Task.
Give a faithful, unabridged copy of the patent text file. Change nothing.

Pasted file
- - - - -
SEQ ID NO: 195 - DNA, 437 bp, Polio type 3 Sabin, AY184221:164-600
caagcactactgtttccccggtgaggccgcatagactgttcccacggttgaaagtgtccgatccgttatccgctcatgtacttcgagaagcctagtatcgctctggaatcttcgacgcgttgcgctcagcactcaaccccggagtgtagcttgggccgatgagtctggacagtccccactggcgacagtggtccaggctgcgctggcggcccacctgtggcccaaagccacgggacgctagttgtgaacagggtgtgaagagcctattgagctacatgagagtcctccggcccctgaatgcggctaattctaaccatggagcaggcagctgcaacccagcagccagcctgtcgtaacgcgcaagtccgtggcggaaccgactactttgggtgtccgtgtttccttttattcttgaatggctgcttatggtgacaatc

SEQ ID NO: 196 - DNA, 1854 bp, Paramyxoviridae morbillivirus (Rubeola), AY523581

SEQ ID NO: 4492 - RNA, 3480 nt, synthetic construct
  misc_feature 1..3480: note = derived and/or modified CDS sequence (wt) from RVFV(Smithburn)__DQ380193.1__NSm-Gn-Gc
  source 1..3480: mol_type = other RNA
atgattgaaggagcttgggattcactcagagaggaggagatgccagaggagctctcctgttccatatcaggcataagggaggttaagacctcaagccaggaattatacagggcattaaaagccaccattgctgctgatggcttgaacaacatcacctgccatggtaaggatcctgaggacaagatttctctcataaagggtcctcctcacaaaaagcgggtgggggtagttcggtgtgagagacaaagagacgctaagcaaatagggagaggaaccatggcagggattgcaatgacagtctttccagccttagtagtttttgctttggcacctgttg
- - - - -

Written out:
SEQ ID NO: 195 - DNA, 437 bp, Polio type 3 Sabin, AY184221:164-600
caagcactactgtttccccggtgaggccgcatagactgttcccacggttgaaagtgtccgatccgttatccgctcatgtacttcgagaagcctagtatcgctctggaatcttcgacgcgttgcgctcagcactcaaccccggagtgtagcttgggccgatgagtctggacagtccccactggcgacagtggtccaggctgcgctggcggcccacctgtggcccaaagccacgggacgctagttgtgaacagggtgtgaagagcctattgagctacatgagagtcctccggcccctgaatgcggctaattctaaccatggagcaggcagctgcaacccagcagccagcctgtcgtaacgcgcaagtccgtggcggaaccgactactttgggtgtccgtgtttccttttattcttgaatggctgcttatggtgacaatc

SEQ ID NO: 196 - DNA, 1854 bp, Paramyxoviridae morbillivirus (Rubeola), AY523581

SEQ ID NO: 4492 - RNA, 3480 nt, synthetic construct
  misc_feature 1..3480: note = derived and/or modified CDS sequence (wt) from RVFV(Smithburn)__DQ380193.1__NSm-Gn-Gc
  source 1..3480: mol_type = other RNA
atgattgaaggagcttgggattcactcagagaggaggagatgccagaggagctctcctgttccatatcaggcataagggaggttaagacctcaagccaggaattatacagggcattaaaagccaccattgctgctgatggcttgaacaacatcacctgccatggtaaggatcctgaggacaagatttctctcataaagggtcctcctcacaaaaagcgggtgggggtagttcggtgtgagagacaaagagacgctaagcaaatagggagaggaaccatggcagggattgcaatgacagtctttccagccttagtagtttttgctttggcacctgttg